European Environment Agency (EEA)

Air quality in Europe — 2013 report


Courtesy of Courtesy of European Environment Agency (EEA)

Air quality continues to be a very important issue for public health, the economy and the environment. Europe has significantly cut emissions of several air pollutants in recent decades, greatly reducing emissions and exposure to substances such as sulphur dioxide (SO2), carbon monoxide (CO), benzene (C6H6) and lead (Pb). Despite improvements over several decades, air pollution continues to damage human health and the environment. Particulate matter (PM), ozone (O3), reactive nitrogen substances and some organic compounds still pose a significant threat. This leads to ill health, premature deaths, and damage to ecosystems, crops, and buildings. These constitute real losses for the European economy, the productivity of its workforce, and the health of its natural systems (EC, 2011a). The effects of poor air quality have been felt the most strongly in two areas:

  1. in urban areas, where the majority of the European population lives, leading to adverse effects on public health;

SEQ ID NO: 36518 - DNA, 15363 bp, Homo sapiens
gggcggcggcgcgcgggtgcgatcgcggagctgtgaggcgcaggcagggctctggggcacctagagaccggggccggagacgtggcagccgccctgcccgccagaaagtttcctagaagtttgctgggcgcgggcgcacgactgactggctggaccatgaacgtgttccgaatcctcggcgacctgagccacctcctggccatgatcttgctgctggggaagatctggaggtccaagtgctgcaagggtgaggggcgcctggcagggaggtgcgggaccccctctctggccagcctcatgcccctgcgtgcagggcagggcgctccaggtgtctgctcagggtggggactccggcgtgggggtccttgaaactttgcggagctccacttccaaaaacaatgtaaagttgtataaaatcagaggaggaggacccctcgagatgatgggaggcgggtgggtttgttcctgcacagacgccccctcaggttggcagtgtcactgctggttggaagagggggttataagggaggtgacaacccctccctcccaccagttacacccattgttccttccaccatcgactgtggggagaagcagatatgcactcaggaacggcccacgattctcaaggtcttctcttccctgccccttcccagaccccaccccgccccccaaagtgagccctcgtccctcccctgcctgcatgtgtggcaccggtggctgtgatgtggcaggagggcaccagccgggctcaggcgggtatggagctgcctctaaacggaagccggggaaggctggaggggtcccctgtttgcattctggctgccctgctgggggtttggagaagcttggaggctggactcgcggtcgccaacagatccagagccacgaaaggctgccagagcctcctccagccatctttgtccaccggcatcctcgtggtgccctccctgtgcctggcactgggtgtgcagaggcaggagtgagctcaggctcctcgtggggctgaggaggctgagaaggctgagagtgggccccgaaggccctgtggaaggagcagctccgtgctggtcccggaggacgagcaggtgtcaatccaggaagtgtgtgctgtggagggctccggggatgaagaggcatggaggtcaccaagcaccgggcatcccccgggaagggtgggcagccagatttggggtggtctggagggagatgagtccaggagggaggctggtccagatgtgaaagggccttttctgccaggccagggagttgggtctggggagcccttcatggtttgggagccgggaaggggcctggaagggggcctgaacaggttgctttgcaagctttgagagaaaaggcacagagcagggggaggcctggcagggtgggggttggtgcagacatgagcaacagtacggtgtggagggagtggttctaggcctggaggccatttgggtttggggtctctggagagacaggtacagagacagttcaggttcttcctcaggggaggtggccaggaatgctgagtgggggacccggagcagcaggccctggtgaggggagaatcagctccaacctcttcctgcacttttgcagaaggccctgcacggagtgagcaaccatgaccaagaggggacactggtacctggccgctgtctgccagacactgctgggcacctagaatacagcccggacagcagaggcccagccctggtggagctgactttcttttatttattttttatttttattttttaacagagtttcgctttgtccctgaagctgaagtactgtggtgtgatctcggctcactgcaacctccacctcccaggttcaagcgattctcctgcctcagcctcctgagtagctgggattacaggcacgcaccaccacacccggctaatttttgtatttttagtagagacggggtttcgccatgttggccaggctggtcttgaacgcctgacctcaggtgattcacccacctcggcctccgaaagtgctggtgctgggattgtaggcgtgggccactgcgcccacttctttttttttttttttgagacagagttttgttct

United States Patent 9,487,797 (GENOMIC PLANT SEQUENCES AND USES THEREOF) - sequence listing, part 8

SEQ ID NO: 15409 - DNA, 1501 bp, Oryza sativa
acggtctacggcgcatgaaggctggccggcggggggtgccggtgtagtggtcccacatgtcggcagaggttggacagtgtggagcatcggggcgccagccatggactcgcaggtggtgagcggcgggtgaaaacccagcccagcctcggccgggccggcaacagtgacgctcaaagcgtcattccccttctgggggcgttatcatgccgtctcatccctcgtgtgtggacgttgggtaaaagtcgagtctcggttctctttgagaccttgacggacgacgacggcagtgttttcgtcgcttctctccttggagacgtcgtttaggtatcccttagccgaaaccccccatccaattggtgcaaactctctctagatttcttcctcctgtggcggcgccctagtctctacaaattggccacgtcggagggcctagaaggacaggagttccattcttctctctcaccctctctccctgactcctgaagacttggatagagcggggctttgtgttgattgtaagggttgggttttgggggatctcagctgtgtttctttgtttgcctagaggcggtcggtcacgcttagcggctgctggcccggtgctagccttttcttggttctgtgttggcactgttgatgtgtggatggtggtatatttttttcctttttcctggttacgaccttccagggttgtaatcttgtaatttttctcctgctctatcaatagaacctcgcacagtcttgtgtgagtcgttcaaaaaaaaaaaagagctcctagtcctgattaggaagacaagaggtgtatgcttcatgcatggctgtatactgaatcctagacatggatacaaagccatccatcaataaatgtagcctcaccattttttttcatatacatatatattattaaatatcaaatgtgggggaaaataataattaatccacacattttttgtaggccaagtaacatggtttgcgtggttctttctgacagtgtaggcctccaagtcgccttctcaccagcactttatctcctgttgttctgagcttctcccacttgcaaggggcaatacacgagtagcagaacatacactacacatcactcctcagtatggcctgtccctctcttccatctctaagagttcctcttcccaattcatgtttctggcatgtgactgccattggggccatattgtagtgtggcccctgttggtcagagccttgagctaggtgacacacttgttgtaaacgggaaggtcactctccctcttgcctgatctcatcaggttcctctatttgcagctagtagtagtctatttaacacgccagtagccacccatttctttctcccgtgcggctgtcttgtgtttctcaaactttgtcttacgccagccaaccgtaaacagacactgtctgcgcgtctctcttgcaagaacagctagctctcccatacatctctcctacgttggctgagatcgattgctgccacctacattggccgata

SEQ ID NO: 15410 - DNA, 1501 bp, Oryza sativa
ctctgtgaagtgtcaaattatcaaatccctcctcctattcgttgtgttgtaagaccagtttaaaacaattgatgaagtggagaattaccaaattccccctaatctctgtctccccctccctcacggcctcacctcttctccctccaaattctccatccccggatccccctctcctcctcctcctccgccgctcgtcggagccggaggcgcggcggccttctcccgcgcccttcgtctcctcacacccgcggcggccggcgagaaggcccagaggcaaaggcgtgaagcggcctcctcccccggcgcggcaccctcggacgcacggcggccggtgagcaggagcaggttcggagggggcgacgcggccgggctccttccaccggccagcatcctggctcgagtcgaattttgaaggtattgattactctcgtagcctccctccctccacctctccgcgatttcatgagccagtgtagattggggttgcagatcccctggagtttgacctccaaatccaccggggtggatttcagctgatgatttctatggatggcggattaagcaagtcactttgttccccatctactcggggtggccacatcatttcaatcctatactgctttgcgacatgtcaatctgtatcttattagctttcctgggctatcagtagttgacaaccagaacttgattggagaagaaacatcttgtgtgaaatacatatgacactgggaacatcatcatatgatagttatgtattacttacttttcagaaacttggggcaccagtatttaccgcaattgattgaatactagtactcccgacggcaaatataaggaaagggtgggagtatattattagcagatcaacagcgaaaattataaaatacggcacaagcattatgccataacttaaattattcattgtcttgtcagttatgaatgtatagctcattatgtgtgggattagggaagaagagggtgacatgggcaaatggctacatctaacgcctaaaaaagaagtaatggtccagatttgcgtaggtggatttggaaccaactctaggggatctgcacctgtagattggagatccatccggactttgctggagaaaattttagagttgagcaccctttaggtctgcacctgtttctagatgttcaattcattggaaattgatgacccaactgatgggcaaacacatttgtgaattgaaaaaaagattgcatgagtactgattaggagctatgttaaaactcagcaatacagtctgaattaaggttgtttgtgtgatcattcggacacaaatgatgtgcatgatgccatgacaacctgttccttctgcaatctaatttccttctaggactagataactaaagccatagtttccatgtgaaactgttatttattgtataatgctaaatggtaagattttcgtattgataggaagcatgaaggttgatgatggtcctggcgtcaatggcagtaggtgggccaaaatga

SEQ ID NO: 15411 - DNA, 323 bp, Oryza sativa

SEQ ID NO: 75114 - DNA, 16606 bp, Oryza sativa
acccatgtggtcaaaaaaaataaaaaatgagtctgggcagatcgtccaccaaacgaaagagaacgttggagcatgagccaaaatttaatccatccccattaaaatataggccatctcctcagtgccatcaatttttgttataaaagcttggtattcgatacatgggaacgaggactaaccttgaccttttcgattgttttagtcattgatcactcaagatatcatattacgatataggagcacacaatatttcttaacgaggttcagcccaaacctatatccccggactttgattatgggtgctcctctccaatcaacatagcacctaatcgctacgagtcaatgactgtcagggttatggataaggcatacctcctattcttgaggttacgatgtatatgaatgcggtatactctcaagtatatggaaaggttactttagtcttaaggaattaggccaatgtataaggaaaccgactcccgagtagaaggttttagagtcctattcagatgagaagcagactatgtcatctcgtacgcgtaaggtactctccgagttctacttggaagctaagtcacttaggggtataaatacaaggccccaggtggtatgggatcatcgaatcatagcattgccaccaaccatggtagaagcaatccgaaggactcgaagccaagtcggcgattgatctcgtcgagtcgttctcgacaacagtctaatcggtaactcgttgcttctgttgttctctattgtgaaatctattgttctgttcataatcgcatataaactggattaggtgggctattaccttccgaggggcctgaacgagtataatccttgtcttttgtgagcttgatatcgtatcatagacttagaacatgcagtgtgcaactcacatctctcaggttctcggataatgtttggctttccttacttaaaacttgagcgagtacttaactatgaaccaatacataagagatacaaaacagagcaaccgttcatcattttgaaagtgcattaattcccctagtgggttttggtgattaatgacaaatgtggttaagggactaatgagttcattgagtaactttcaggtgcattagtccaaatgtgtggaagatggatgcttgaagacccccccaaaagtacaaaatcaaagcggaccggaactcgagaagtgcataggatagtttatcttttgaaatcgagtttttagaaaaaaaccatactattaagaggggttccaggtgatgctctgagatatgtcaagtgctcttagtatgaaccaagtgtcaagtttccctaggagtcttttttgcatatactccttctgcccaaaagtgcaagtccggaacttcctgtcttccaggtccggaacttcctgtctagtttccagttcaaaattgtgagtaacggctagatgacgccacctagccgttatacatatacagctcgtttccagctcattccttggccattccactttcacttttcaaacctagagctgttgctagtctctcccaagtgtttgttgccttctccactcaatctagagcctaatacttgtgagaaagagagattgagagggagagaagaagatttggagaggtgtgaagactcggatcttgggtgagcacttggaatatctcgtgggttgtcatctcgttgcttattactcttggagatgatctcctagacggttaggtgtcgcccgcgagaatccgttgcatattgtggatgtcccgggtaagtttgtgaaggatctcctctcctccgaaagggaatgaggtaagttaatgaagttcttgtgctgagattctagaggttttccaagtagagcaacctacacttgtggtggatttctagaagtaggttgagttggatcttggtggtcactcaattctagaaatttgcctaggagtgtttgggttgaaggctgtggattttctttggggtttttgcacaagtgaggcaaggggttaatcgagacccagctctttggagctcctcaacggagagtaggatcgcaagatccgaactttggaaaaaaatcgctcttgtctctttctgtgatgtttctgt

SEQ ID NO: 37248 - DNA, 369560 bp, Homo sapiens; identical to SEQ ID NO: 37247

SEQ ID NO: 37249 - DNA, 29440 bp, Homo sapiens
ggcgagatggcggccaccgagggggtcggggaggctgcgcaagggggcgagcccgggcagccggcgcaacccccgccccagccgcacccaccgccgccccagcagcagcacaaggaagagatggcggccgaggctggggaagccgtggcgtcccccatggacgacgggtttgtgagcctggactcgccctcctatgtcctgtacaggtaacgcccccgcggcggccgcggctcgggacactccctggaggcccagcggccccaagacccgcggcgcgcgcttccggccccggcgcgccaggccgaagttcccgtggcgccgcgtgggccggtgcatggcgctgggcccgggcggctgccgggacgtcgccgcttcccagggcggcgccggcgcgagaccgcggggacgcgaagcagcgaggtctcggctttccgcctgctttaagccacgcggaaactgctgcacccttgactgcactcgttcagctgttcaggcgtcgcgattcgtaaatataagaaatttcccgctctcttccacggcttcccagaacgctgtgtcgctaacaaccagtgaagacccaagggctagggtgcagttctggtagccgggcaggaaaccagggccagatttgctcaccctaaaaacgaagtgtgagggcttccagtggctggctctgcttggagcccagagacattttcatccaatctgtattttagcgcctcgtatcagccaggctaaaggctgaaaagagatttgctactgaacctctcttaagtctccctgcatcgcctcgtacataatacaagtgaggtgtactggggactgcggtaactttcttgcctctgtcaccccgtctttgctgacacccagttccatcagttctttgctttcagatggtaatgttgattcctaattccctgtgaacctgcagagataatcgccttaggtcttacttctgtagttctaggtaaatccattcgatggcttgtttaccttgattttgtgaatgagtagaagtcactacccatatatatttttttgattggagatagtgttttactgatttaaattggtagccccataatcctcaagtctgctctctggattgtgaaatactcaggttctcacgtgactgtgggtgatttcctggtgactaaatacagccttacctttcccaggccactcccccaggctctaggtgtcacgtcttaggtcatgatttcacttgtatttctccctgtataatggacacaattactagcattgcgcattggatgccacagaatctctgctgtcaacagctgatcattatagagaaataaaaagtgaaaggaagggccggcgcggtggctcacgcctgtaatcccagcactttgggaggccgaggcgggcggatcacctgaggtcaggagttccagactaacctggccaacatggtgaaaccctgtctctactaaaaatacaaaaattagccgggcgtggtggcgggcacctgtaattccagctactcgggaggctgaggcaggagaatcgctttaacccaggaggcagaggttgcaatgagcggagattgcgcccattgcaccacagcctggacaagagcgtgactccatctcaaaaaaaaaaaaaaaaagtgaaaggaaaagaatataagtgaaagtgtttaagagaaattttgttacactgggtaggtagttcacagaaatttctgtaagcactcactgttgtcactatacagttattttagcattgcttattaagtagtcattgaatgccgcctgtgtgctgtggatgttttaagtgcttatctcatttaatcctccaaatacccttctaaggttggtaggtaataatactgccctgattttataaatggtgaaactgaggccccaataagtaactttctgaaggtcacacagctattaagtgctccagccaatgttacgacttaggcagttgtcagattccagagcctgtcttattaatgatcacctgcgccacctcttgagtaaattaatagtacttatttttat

2. in ecosystems, where the pressures of air pollution impairs vegetation growth and harms biodiversity.

Emissions of air pollutants derive from almost all economic and societal activities. Policies implemented at the European, national and sectoral level have over time resulted in decreased emissions of many air pollutants and have led to acceptable air quality levels across Europe for some pollutants, e.g. CO and Pb. Nevertheless, road transport, industry, power plants, households and agricultural activities continue to emit significant amounts of air pollution. Combustion of biomass by households — burning fuels such as wood and coal — is an important source of directly emitted PM and polycyclic aromatic hydrocarbons (PAHs: a type of carcinogenic substances). Agriculture is mainly responsible for the ammonia (NH3) emissions which exert pressure on both human health and the ecosystems. Such emissions, as well as PM from the combustion of fuels to produce energy for domestic needs, have either decreased very little (the case of agriculture), or not decreased (in the case of domestic fuel combustion) in the last decade. In fact, biomass combustion has become a more important source of air pollution. This is because wood burning is often relatively cheap, and is considered as an environmentally friendly source of energy since it is renewable and carbon-neutral.